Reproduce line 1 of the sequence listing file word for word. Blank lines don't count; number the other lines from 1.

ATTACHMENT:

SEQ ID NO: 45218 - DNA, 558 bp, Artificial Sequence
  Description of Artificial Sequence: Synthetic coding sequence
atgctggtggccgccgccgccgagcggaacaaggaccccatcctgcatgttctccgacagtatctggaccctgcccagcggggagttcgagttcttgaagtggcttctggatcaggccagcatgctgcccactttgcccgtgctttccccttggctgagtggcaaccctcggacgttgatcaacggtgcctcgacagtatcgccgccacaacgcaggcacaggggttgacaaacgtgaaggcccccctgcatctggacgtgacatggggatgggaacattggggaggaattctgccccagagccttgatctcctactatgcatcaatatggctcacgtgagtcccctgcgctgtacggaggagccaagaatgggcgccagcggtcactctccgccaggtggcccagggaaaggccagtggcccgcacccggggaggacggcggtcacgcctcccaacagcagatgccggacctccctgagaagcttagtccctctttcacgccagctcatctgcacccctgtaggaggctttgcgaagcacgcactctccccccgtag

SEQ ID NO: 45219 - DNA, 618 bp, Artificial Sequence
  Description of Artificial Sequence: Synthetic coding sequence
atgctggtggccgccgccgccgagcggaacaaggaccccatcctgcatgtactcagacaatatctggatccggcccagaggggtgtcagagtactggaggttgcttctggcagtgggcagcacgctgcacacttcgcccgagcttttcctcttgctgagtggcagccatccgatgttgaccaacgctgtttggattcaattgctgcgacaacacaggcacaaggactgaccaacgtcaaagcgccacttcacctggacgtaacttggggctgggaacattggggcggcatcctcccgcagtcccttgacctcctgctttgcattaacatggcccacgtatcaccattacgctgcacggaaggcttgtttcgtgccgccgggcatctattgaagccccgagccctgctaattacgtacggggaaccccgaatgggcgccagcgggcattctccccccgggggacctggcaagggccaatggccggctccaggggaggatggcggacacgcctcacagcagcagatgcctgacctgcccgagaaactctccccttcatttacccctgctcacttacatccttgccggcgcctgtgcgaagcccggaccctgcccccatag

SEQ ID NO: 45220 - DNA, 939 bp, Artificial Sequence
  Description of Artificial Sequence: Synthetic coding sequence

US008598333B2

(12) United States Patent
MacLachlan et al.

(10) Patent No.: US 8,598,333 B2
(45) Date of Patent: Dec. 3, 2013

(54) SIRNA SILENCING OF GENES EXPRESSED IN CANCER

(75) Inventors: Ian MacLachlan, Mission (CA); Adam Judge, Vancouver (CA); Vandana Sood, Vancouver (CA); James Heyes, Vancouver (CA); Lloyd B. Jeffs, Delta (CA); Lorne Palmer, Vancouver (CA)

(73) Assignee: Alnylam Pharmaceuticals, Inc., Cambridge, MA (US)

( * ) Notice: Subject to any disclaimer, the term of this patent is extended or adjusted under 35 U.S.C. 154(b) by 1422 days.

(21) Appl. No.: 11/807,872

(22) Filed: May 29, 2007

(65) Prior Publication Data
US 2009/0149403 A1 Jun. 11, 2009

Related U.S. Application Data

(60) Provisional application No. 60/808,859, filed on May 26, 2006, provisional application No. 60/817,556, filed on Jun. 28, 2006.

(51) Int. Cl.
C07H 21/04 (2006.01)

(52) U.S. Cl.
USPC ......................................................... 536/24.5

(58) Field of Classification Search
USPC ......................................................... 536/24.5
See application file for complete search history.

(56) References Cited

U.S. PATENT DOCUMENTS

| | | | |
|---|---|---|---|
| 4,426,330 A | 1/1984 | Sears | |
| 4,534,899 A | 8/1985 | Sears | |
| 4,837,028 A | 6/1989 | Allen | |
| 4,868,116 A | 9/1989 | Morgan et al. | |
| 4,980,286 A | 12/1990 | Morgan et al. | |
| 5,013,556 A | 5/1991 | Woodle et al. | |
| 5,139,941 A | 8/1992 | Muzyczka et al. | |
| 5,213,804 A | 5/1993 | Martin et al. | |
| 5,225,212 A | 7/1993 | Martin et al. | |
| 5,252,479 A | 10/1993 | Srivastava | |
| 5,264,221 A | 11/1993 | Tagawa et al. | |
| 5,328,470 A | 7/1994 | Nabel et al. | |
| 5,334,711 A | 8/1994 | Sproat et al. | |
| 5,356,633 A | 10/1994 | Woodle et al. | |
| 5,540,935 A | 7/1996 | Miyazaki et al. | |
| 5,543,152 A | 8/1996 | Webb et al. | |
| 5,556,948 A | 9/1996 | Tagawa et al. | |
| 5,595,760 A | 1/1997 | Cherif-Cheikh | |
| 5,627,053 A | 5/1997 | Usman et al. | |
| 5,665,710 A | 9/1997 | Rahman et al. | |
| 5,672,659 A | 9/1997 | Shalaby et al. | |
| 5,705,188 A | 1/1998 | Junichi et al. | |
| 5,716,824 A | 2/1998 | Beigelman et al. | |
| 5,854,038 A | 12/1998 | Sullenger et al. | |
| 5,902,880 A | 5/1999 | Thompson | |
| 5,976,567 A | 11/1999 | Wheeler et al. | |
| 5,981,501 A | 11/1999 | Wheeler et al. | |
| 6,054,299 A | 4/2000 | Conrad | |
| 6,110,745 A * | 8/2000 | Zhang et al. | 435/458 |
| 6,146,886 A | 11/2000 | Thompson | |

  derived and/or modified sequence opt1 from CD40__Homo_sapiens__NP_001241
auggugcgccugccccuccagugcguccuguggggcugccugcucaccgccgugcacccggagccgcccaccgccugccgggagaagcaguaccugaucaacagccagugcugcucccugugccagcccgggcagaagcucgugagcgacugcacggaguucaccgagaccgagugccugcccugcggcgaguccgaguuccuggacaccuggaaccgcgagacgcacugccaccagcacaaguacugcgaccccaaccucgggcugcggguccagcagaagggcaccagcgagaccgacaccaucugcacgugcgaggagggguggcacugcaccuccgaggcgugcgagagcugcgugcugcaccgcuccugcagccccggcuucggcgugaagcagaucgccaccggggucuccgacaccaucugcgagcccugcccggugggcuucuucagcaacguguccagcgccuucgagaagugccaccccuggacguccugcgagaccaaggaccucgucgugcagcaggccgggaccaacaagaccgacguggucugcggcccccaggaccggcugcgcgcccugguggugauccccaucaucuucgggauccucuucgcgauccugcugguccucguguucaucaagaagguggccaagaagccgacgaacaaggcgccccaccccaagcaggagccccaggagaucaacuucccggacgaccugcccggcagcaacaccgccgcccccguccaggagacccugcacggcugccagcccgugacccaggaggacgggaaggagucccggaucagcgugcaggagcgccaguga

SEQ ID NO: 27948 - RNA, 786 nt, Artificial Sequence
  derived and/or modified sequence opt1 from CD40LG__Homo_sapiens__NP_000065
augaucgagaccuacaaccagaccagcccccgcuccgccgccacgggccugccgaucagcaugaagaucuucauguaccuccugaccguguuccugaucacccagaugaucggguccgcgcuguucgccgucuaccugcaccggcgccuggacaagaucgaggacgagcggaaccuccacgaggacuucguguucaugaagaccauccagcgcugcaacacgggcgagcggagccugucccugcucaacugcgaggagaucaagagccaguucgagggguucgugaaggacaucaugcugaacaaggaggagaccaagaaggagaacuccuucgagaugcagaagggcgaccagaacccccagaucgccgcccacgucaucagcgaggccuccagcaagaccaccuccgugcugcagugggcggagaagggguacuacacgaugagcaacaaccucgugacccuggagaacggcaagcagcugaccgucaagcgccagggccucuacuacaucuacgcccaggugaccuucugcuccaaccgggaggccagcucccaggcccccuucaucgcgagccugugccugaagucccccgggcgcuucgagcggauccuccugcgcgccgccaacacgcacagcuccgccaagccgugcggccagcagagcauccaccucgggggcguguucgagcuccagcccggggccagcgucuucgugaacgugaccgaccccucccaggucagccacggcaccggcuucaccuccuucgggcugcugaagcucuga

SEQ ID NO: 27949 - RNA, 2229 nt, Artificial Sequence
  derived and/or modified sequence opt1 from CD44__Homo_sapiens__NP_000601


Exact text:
SEQ ID NO: 45218 - DNA, 558 bp, Artificial Sequence